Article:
used application
protocols!
E-mail services and SMTP/POP protocols
 E-mail is the most popular network service.
 E-mail client (when people compose ...
E-mail services and SMTP/POP protocols
 What do servers require?
1) Must be running SMTP!
2) Also operates
1) Mail Transf...
E-mail services and SMTP/POP protocols
FTP
 Commonly used application layer protocol
 Allows for the transfer of files between clients/servers.
 Requires 2 co...
DHCP
 Dynamic Host Configuration Protocol – enables devices to obtain IP
addresses, subnet masks, gateways, DNS server in...
Telnet
 Developed in the early 1970’s – among the oldest of the application layer
protocols and services in the TCP/IP pr...
Telnet
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Application layer protocols

Application Layer Protocols
By Arina

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Application layer protocols

  1. 1. Application Layer Functionality and Protocols Application Layer Protocols
  2. 2. Applications Layer – allows user to interface with the network!
  3. 3. Application Layer – Provides the interface between the applications on either end of the network.
  4. 4. Protocols and networks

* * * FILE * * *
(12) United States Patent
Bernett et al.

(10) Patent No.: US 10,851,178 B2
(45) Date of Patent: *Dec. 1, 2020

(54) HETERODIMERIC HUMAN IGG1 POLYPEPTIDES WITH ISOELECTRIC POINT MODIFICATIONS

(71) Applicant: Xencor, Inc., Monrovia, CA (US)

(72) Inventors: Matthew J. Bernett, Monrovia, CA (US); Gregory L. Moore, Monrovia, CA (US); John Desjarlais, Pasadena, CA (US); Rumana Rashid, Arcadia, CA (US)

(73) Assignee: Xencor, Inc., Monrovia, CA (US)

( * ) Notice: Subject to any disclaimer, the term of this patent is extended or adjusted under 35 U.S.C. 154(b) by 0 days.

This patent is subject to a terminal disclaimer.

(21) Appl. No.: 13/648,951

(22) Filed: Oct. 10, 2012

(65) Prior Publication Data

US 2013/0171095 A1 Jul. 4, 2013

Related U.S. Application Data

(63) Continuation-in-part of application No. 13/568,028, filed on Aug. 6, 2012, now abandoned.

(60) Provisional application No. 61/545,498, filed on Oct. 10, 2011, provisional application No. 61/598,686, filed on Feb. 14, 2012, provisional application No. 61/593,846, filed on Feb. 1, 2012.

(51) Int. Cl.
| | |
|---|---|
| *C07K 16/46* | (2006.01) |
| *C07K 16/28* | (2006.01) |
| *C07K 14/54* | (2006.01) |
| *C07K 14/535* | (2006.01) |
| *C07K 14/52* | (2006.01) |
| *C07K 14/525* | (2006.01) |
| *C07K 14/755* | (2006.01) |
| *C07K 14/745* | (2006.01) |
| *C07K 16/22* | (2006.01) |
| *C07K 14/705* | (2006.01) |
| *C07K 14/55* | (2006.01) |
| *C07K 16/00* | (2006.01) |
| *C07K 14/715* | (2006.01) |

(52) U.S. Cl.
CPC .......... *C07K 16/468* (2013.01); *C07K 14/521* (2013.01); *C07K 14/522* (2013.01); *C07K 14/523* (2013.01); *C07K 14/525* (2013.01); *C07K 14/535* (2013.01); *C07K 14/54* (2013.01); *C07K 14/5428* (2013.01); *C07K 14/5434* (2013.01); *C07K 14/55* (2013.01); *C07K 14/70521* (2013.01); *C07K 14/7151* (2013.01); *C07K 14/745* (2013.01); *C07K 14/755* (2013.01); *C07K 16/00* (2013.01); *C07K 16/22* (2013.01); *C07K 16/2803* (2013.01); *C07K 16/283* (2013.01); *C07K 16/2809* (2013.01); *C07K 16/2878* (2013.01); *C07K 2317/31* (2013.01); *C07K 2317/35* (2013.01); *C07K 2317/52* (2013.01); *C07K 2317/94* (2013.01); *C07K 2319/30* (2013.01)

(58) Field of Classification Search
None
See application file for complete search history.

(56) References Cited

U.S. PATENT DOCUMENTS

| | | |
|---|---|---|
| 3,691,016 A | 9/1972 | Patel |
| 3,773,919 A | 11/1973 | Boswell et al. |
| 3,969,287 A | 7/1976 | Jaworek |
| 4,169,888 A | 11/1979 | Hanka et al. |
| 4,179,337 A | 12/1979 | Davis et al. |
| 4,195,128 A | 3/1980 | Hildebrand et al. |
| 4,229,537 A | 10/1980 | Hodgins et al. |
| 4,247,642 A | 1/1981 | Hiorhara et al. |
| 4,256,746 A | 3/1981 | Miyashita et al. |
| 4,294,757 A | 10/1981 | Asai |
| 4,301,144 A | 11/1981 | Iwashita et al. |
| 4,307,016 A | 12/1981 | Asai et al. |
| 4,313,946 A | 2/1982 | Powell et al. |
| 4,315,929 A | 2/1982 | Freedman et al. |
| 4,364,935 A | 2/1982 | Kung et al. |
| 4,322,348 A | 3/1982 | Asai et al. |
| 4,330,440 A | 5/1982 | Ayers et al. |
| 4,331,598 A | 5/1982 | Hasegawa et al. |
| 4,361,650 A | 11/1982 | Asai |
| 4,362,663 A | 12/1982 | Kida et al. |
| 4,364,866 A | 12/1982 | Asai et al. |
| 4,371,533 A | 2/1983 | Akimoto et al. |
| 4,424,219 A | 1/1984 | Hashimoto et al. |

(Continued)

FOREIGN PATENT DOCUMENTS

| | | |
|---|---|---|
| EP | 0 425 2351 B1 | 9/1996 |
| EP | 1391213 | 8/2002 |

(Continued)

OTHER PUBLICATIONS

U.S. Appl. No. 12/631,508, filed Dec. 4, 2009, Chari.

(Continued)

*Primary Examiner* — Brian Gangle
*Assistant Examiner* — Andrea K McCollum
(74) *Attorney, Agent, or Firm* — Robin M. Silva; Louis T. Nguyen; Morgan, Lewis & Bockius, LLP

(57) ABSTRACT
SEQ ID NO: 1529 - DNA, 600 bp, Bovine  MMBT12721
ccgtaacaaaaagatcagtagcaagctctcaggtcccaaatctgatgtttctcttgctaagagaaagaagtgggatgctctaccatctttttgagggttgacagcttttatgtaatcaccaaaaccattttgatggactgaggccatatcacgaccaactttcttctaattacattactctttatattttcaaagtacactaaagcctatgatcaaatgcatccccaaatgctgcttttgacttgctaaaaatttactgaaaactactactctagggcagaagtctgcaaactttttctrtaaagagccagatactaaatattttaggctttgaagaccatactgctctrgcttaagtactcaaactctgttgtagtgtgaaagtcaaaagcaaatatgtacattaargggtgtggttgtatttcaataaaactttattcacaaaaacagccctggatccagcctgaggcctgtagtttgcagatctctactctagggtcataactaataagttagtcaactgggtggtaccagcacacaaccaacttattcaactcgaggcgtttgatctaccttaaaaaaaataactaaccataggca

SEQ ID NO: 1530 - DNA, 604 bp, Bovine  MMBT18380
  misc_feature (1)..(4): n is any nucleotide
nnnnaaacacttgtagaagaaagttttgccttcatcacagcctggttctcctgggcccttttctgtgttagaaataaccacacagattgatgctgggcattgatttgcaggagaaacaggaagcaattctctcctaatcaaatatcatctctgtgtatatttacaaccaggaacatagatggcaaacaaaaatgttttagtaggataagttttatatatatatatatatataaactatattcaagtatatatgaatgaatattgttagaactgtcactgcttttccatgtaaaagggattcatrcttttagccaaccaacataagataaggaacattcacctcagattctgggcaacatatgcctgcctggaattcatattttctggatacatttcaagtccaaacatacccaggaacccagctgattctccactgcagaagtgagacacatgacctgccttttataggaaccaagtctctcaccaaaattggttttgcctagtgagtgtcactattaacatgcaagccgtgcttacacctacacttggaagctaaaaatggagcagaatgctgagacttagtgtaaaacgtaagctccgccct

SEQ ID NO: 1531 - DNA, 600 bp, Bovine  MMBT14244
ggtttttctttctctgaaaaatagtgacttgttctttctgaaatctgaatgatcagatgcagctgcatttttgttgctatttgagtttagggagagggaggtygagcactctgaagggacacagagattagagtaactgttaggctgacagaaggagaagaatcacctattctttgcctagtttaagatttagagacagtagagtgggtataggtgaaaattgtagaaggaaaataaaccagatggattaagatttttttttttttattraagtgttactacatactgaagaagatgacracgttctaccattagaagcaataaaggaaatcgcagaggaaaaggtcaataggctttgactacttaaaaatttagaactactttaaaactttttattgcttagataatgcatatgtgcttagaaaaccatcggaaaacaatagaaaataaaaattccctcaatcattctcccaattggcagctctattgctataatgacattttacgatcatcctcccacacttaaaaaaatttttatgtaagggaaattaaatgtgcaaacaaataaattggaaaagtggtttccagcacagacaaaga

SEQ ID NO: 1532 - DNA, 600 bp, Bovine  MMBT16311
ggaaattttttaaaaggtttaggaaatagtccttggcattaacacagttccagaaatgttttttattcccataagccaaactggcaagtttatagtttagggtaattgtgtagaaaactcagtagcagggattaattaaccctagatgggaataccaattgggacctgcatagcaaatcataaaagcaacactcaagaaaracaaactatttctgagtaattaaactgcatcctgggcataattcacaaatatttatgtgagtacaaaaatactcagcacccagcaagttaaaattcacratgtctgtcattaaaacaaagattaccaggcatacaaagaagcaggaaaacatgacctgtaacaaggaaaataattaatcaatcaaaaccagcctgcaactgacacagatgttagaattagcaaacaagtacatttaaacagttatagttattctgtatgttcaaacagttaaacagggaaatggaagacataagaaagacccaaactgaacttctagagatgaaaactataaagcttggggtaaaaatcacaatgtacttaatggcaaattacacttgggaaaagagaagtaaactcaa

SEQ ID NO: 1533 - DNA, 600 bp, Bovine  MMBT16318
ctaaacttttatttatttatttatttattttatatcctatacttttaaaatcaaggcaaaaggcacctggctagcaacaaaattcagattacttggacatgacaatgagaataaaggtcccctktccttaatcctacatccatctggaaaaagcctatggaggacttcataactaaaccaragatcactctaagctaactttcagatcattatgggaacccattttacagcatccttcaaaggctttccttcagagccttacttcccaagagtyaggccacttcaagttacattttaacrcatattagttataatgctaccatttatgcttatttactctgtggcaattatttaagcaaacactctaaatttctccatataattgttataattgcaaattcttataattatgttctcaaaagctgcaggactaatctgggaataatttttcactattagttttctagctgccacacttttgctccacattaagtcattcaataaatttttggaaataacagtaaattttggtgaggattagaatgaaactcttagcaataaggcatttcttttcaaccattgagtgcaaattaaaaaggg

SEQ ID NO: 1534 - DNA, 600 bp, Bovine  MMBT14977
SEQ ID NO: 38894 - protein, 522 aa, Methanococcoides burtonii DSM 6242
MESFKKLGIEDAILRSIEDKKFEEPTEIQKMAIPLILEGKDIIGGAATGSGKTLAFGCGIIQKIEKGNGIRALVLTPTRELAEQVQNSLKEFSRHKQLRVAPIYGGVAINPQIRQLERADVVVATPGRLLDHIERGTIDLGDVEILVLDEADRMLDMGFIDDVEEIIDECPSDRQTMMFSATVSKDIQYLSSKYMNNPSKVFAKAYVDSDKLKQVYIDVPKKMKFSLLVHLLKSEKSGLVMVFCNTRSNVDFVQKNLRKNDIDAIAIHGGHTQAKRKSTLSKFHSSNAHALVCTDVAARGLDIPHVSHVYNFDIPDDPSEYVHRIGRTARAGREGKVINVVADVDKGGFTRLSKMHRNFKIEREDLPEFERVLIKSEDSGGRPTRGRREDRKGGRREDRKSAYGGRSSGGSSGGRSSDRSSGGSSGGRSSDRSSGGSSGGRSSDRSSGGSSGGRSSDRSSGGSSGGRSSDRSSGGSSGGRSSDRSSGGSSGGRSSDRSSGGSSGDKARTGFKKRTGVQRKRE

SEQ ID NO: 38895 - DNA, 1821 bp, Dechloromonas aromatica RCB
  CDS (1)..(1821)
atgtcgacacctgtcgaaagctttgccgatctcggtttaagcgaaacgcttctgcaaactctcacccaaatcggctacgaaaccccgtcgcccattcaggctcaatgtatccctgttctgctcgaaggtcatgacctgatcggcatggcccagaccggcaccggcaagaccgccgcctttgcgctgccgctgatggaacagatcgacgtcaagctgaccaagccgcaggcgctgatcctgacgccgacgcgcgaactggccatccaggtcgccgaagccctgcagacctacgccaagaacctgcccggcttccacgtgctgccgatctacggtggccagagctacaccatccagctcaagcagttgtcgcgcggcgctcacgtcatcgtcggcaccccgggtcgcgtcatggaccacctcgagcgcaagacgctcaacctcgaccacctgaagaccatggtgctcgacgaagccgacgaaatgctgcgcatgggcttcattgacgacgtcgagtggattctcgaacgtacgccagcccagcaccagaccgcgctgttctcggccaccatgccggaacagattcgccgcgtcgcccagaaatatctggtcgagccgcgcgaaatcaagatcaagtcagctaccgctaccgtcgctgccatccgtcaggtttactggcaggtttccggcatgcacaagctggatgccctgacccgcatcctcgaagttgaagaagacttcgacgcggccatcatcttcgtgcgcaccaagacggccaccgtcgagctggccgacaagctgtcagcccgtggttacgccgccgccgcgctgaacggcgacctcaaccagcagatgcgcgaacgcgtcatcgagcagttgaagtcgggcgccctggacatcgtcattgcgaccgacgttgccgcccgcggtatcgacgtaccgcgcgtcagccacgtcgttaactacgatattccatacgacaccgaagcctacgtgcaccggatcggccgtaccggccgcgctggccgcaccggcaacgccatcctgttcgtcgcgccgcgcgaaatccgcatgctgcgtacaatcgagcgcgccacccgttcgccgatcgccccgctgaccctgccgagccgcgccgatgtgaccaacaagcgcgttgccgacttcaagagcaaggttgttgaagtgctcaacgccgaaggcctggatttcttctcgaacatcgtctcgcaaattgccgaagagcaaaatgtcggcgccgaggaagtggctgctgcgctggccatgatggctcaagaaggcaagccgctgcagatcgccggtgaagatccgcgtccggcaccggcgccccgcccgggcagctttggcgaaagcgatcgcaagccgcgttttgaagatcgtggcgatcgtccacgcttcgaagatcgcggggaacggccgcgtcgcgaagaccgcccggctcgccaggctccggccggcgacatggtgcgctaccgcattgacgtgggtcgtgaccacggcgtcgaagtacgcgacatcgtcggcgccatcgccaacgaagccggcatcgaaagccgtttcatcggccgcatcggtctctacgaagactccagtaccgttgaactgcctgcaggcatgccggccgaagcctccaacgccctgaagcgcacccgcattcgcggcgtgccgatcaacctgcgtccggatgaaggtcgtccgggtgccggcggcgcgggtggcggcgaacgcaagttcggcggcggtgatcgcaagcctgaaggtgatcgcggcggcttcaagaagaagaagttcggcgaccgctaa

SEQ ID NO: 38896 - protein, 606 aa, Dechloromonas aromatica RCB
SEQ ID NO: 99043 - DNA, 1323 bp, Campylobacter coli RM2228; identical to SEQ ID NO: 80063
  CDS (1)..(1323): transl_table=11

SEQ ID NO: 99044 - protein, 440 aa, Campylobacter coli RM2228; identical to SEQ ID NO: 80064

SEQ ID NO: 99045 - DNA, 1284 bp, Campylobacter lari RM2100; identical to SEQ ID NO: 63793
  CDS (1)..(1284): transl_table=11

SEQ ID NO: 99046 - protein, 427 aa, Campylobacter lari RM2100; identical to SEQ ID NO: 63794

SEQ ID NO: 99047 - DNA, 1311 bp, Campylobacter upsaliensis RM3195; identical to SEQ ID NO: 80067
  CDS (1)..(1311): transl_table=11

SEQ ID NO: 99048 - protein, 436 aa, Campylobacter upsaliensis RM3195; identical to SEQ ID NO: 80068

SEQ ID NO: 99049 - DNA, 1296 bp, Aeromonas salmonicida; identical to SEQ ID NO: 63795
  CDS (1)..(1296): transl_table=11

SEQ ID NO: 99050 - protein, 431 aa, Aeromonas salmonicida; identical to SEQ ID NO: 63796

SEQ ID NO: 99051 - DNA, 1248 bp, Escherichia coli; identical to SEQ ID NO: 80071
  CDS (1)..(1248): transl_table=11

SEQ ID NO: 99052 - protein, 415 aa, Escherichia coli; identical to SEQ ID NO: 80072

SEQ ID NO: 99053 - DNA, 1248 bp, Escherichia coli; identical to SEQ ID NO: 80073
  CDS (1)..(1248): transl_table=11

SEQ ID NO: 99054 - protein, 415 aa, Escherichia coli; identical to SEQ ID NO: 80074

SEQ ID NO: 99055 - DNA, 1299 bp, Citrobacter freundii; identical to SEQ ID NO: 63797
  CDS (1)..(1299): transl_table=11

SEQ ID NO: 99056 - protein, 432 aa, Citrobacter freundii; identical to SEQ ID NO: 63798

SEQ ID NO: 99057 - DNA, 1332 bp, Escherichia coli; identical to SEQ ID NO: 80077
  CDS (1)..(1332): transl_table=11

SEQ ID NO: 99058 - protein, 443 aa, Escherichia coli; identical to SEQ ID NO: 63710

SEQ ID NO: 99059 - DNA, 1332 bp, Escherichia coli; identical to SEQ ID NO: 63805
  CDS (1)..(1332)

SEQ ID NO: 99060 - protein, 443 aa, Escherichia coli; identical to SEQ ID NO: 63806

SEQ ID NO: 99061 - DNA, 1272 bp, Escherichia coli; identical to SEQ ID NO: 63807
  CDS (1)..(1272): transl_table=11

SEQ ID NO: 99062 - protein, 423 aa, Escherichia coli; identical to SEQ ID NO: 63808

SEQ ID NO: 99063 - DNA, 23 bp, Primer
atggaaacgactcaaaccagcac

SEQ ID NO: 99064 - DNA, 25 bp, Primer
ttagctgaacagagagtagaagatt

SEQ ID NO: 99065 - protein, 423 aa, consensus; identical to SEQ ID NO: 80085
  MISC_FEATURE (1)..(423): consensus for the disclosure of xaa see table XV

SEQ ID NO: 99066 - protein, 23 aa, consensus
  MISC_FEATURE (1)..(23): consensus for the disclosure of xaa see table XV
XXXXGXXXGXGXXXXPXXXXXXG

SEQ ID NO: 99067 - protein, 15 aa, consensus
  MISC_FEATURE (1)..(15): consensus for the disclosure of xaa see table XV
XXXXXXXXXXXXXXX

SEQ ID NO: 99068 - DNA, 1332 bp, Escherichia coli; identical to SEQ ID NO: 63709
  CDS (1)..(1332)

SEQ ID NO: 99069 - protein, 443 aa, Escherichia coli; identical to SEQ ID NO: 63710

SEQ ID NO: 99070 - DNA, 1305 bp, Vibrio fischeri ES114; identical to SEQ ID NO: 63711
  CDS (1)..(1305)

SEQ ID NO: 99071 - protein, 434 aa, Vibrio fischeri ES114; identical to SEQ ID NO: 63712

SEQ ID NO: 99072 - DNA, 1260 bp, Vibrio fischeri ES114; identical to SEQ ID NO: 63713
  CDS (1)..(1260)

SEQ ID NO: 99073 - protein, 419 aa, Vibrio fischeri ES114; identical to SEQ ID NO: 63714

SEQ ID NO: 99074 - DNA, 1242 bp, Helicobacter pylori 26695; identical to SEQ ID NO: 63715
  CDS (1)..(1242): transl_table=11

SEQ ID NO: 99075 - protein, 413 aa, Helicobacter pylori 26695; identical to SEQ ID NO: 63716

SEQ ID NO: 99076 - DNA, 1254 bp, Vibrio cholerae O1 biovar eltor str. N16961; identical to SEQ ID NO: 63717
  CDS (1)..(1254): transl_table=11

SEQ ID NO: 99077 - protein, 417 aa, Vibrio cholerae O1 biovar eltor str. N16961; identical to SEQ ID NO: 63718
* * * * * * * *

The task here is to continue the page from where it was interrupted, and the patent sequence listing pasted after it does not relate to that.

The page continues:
5. 5. Protocols  DNS – Matches domain names with IP addresses  HTTP – Used to transfer data between clients/servers using a web browser  SMTP & POP3 – used to send email messages from clients to servers over the internet  FTP – allows the download/upload of files between a client/server  Telnet – allows users to login to a host from a remote location and take control as if they were sitting at the machine (virtual connection)  DHCP – assigns IP addresses, subnet masks, default gateways, DNS servers, etc. To users as they login the network
  6. 6. Application layer software  2 types Applications – Provide the human (user) interface. Relies on lower layers to complete the communication process. Services – establish an interface to the network where protocols provide the rules and formats that govern how data is treated..
  7. 7. How data requests occur & are filled  Client/server model Advantages: Centralized administration Security is easier to enforce  Peer-to-peer networking and applications